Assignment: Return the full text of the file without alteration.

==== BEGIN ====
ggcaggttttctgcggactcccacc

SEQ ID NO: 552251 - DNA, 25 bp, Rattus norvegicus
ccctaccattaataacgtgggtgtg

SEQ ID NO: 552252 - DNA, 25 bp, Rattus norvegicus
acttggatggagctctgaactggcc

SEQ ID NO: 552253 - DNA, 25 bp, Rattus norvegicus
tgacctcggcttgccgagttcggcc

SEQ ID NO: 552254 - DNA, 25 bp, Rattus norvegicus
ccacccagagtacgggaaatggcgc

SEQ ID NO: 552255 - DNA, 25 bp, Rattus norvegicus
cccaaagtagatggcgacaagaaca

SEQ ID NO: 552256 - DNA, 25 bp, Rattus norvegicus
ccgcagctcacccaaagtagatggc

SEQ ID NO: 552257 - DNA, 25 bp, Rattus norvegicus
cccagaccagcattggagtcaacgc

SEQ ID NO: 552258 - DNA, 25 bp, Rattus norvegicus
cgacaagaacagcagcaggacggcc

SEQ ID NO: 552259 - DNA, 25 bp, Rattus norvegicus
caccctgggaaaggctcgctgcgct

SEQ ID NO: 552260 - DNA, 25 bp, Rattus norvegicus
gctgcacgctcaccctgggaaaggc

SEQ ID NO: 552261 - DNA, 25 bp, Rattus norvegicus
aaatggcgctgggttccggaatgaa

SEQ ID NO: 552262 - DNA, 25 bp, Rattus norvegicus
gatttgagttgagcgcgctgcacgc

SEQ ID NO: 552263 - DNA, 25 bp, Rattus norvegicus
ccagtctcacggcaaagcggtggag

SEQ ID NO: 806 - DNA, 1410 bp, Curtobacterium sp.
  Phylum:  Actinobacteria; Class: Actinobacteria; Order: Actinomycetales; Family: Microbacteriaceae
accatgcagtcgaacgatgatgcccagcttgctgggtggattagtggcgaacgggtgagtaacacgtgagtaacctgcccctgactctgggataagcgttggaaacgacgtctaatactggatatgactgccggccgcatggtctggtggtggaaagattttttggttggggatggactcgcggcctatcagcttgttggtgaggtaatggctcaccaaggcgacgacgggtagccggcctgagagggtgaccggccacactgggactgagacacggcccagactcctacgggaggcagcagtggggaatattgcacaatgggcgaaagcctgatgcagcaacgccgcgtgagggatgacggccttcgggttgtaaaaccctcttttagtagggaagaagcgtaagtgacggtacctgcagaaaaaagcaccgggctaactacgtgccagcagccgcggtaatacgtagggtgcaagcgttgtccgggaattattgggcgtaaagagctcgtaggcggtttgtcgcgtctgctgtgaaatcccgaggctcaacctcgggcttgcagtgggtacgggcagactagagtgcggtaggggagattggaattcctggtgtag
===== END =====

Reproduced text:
ggcaggttttctgcggactcccacc

SEQ ID NO: 552251 - DNA, 25 bp, Rattus norvegicus
ccctaccattaataacgtgggtgtg

SEQ ID NO: 552252 - DNA, 25 bp, Rattus norvegicus
acttggatggagctctgaactggcc

SEQ ID NO: 552253 - DNA, 25 bp, Rattus norvegicus
tgacctcggcttgccgagttcggcc

SEQ ID NO: 552254 - DNA, 25 bp, Rattus norvegicus
ccacccagagtacgggaaatggcgc

SEQ ID NO: 552255 - DNA, 25 bp, Rattus norvegicus
cccaaagtagatggcgacaagaaca

SEQ ID NO: 552256 - DNA, 25 bp, Rattus norvegicus
ccgcagctcacccaaagtagatggc

SEQ ID NO: 552257 - DNA, 25 bp, Rattus norvegicus
cccagaccagcattggagtcaacgc

SEQ ID NO: 552258 - DNA, 25 bp, Rattus norvegicus
cgacaagaacagcagcaggacggcc

SEQ ID NO: 552259 - DNA, 25 bp, Rattus norvegicus
caccctgggaaaggctcgctgcgct

SEQ ID NO: 552260 - DNA, 25 bp, Rattus norvegicus
gctgcacgctcaccctgggaaaggc

SEQ ID NO: 552261 - DNA, 25 bp, Rattus norvegicus
aaatggcgctgggttccggaatgaa

SEQ ID NO: 552262 - DNA, 25 bp, Rattus norvegicus
gatttgagttgagcgcgctgcacgc

SEQ ID NO: 552263 - DNA, 25 bp, Rattus norvegicus
ccagtctcacggcaaagcggtggag

SEQ ID NO: 806 - DNA, 1410 bp, Curtobacterium sp.
  Phylum:  Actinobacteria; Class: Actinobacteria; Order: Actinomycetales; Family: Microbacteriaceae
accatgcagtcgaacgatgatgcccagcttgctgggtggattagtggcgaacgggtgagtaacacgtgagtaacctgcccctgactctgggataagcgttggaaacgacgtctaatactggatatgactgccggccgcatggtctggtggtggaaagattttttggttggggatggactcgcggcctatcagcttgttggtgaggtaatggctcaccaaggcgacgacgggtagccggcctgagagggtgaccggccacactgggactgagacacggcccagactcctacgggaggcagcagtggggaatattgcacaatgggcgaaagcctgatgcagcaacgccgcgtgagggatgacggccttcgggttgtaaaaccctcttttagtagggaagaagcgtaagtgacggtacctgcagaaaaaagcaccgggctaactacgtgccagcagccgcggtaatacgtagggtgcaagcgttgtccgggaattattgggcgtaaagagctcgtaggcggtttgtcgcgtctgctgtgaaatcccgaggctcaacctcgggcttgcagtgggtacgggcagactagagtgcggtaggggagattggaattcctggtgtag